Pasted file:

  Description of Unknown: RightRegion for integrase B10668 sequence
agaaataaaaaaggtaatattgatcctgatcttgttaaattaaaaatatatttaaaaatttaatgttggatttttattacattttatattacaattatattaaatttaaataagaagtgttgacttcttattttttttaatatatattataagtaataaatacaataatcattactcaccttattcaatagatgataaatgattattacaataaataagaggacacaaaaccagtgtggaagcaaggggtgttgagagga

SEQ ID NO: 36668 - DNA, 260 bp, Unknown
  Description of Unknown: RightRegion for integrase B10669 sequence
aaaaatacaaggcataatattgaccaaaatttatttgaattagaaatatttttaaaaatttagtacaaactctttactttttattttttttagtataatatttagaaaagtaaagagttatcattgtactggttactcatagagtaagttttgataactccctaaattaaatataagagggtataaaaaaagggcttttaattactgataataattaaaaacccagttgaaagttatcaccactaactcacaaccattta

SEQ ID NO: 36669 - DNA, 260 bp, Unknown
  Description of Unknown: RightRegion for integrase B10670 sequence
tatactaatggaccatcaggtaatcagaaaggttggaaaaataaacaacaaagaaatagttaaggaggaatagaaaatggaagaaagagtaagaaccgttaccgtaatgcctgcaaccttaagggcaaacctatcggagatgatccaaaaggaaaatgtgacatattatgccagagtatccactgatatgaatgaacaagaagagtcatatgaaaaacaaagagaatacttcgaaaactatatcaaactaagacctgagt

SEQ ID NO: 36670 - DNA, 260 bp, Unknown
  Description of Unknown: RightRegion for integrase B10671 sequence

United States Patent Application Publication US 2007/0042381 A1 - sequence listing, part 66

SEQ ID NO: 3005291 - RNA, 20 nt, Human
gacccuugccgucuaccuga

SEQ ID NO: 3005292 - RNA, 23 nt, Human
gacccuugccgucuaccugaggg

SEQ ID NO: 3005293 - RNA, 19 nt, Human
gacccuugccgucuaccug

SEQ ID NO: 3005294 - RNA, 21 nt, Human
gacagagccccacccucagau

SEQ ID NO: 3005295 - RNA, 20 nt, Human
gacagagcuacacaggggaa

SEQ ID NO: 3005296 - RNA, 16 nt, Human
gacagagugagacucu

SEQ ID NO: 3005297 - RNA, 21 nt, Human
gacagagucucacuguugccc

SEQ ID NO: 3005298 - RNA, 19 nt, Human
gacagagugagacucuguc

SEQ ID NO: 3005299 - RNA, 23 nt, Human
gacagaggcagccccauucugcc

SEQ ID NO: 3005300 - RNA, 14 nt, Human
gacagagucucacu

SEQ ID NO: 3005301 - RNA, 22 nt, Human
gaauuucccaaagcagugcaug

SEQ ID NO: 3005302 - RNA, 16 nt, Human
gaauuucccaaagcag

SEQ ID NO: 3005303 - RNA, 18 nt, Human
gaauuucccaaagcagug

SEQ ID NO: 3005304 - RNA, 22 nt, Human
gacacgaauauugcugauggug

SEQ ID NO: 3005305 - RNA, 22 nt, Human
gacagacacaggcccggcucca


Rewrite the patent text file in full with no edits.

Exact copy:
  Description of Unknown: RightRegion for integrase B10668 sequence
agaaataaaaaaggtaatattgatcctgatcttgttaaattaaaaatatatttaaaaatttaatgttggatttttattacattttatattacaattatattaaatttaaataagaagtgttgacttcttattttttttaatatatattataagtaataaatacaataatcattactcaccttattcaatagatgataaatgattattacaataaataagaggacacaaaaccagtgtggaagcaaggggtgttgagagga

SEQ ID NO: 36668 - DNA, 260 bp, Unknown
  Description of Unknown: RightRegion for integrase B10669 sequence
aaaaatacaaggcataatattgaccaaaatttatttgaattagaaatatttttaaaaatttagtacaaactctttactttttattttttttagtataatatttagaaaagtaaagagttatcattgtactggttactcatagagtaagttttgataactccctaaattaaatataagagggtataaaaaaagggcttttaattactgataataattaaaaacccagttgaaagttatcaccactaactcacaaccattta

SEQ ID NO: 36669 - DNA, 260 bp, Unknown
  Description of Unknown: RightRegion for integrase B10670 sequence
tatactaatggaccatcaggtaatcagaaaggttggaaaaataaacaacaaagaaatagttaaggaggaatagaaaatggaagaaagagtaagaaccgttaccgtaatgcctgcaaccttaagggcaaacctatcggagatgatccaaaaggaaaatgtgacatattatgccagagtatccactgatatgaatgaacaagaagagtcatatgaaaaacaaagagaatacttcgaaaactatatcaaactaagacctgagt

SEQ ID NO: 36670 - DNA, 260 bp, Unknown
  Description of Unknown: RightRegion for integrase B10671 sequence

United States Patent Application Publication US 2007/0042381 A1 - sequence listing, part 66

SEQ ID NO: 3005291 - RNA, 20 nt, Human
gacccuugccgucuaccuga

SEQ ID NO: 3005292 - RNA, 23 nt, Human
gacccuugccgucuaccugaggg

SEQ ID NO: 3005293 - RNA, 19 nt, Human
gacccuugccgucuaccug

SEQ ID NO: 3005294 - RNA, 21 nt, Human
gacagagccccacccucagau

SEQ ID NO: 3005295 - RNA, 20 nt, Human
gacagagcuacacaggggaa

SEQ ID NO: 3005296 - RNA, 16 nt, Human
gacagagugagacucu

SEQ ID NO: 3005297 - RNA, 21 nt, Human
gacagagucucacuguugccc

SEQ ID NO: 3005298 - RNA, 19 nt, Human
gacagagugagacucuguc

SEQ ID NO: 3005299 - RNA, 23 nt, Human
gacagaggcagccccauucugcc

SEQ ID NO: 3005300 - RNA, 14 nt, Human
gacagagucucacu

SEQ ID NO: 3005301 - RNA, 22 nt, Human
gaauuucccaaagcagugcaug

SEQ ID NO: 3005302 - RNA, 16 nt, Human
gaauuucccaaagcag

SEQ ID NO: 3005303 - RNA, 18 nt, Human
gaauuucccaaagcagug

SEQ ID NO: 3005304 - RNA, 22 nt, Human
gacacgaauauugcugauggug

SEQ ID NO: 3005305 - RNA, 22 nt, Human
gacagacacaggcccggcucca